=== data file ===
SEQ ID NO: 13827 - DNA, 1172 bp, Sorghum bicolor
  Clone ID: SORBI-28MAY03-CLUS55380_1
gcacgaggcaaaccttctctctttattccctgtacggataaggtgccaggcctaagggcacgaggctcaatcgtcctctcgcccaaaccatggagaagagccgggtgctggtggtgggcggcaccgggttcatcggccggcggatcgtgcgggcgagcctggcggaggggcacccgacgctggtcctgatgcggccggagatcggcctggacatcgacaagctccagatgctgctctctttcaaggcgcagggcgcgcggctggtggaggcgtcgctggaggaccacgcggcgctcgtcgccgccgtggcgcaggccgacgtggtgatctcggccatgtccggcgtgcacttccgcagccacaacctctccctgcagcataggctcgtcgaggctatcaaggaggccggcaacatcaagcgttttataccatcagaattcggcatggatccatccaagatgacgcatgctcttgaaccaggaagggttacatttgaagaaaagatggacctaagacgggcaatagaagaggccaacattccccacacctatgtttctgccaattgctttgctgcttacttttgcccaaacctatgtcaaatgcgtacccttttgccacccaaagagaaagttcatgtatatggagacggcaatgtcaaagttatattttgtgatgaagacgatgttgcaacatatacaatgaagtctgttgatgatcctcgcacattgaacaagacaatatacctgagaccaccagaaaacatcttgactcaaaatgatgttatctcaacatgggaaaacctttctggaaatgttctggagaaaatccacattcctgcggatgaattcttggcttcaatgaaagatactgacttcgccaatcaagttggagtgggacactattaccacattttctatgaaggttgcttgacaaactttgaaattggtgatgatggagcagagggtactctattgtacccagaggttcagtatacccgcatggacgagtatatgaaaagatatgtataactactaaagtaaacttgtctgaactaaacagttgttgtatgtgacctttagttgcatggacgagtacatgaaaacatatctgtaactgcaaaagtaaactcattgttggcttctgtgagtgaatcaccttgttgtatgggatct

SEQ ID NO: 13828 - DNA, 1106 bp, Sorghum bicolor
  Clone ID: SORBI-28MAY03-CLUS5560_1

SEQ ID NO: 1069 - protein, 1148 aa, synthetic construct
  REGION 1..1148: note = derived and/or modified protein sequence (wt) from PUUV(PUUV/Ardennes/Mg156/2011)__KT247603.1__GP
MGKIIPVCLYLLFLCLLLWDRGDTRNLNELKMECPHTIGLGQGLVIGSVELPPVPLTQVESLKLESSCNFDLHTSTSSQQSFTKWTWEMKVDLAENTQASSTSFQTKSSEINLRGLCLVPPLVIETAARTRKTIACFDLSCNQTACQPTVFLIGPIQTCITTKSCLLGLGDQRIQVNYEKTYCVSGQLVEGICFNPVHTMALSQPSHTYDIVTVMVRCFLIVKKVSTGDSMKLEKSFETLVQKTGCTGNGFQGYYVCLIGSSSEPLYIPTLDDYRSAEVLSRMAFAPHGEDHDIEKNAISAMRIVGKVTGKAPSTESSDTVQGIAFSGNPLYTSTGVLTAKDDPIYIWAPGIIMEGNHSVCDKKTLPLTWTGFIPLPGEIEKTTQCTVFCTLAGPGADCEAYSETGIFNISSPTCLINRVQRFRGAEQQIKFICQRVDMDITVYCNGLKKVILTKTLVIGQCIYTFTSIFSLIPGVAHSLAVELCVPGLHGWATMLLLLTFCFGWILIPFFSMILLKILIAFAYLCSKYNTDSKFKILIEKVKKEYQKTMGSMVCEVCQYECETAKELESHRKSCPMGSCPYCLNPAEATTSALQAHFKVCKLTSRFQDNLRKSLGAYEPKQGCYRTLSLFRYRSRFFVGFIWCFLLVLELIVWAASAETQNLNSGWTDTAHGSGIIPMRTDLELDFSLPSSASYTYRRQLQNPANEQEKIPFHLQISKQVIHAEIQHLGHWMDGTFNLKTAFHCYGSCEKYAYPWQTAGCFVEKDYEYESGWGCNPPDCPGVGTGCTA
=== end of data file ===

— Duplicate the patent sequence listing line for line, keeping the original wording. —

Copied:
SEQ ID NO: 13827 - DNA, 1172 bp, Sorghum bicolor
  Clone ID: SORBI-28MAY03-CLUS55380_1
gcacgaggcaaaccttctctctttattccctgtacggataaggtgccaggcctaagggcacgaggctcaatcgtcctctcgcccaaaccatggagaagagccgggtgctggtggtgggcggcaccgggttcatcggccggcggatcgtgcgggcgagcctggcggaggggcacccgacgctggtcctgatgcggccggagatcggcctggacatcgacaagctccagatgctgctctctttcaaggcgcagggcgcgcggctggtggaggcgtcgctggaggaccacgcggcgctcgtcgccgccgtggcgcaggccgacgtggtgatctcggccatgtccggcgtgcacttccgcagccacaacctctccctgcagcataggctcgtcgaggctatcaaggaggccggcaacatcaagcgttttataccatcagaattcggcatggatccatccaagatgacgcatgctcttgaaccaggaagggttacatttgaagaaaagatggacctaagacgggcaatagaagaggccaacattccccacacctatgtttctgccaattgctttgctgcttacttttgcccaaacctatgtcaaatgcgtacccttttgccacccaaagagaaagttcatgtatatggagacggcaatgtcaaagttatattttgtgatgaagacgatgttgcaacatatacaatgaagtctgttgatgatcctcgcacattgaacaagacaatatacctgagaccaccagaaaacatcttgactcaaaatgatgttatctcaacatgggaaaacctttctggaaatgttctggagaaaatccacattcctgcggatgaattcttggcttcaatgaaagatactgacttcgccaatcaagttggagtgggacactattaccacattttctatgaaggttgcttgacaaactttgaaattggtgatgatggagcagagggtactctattgtacccagaggttcagtatacccgcatggacgagtatatgaaaagatatgtataactactaaagtaaacttgtctgaactaaacagttgttgtatgtgacctttagttgcatggacgagtacatgaaaacatatctgtaactgcaaaagtaaactcattgttggcttctgtgagtgaatcaccttgttgtatgggatct

SEQ ID NO: 13828 - DNA, 1106 bp, Sorghum bicolor
  Clone ID: SORBI-28MAY03-CLUS5560_1

SEQ ID NO: 1069 - protein, 1148 aa, synthetic construct
  REGION 1..1148: note = derived and/or modified protein sequence (wt) from PUUV(PUUV/Ardennes/Mg156/2011)__KT247603.1__GP
MGKIIPVCLYLLFLCLLLWDRGDTRNLNELKMECPHTIGLGQGLVIGSVELPPVPLTQVESLKLESSCNFDLHTSTSSQQSFTKWTWEMKVDLAENTQASSTSFQTKSSEINLRGLCLVPPLVIETAARTRKTIACFDLSCNQTACQPTVFLIGPIQTCITTKSCLLGLGDQRIQVNYEKTYCVSGQLVEGICFNPVHTMALSQPSHTYDIVTVMVRCFLIVKKVSTGDSMKLEKSFETLVQKTGCTGNGFQGYYVCLIGSSSEPLYIPTLDDYRSAEVLSRMAFAPHGEDHDIEKNAISAMRIVGKVTGKAPSTESSDTVQGIAFSGNPLYTSTGVLTAKDDPIYIWAPGIIMEGNHSVCDKKTLPLTWTGFIPLPGEIEKTTQCTVFCTLAGPGADCEAYSETGIFNISSPTCLINRVQRFRGAEQQIKFICQRVDMDITVYCNGLKKVILTKTLVIGQCIYTFTSIFSLIPGVAHSLAVELCVPGLHGWATMLLLLTFCFGWILIPFFSMILLKILIAFAYLCSKYNTDSKFKILIEKVKKEYQKTMGSMVCEVCQYECETAKELESHRKSCPMGSCPYCLNPAEATTSALQAHFKVCKLTSRFQDNLRKSLGAYEPKQGCYRTLSLFRYRSRFFVGFIWCFLLVLELIVWAASAETQNLNSGWTDTAHGSGIIPMRTDLELDFSLPSSASYTYRRQLQNPANEQEKIPFHLQISKQVIHAEIQHLGHWMDGTFNLKTAFHCYGSCEKYAYPWQTAGCFVEKDYEYESGWGCNPPDCPGVGTGCTA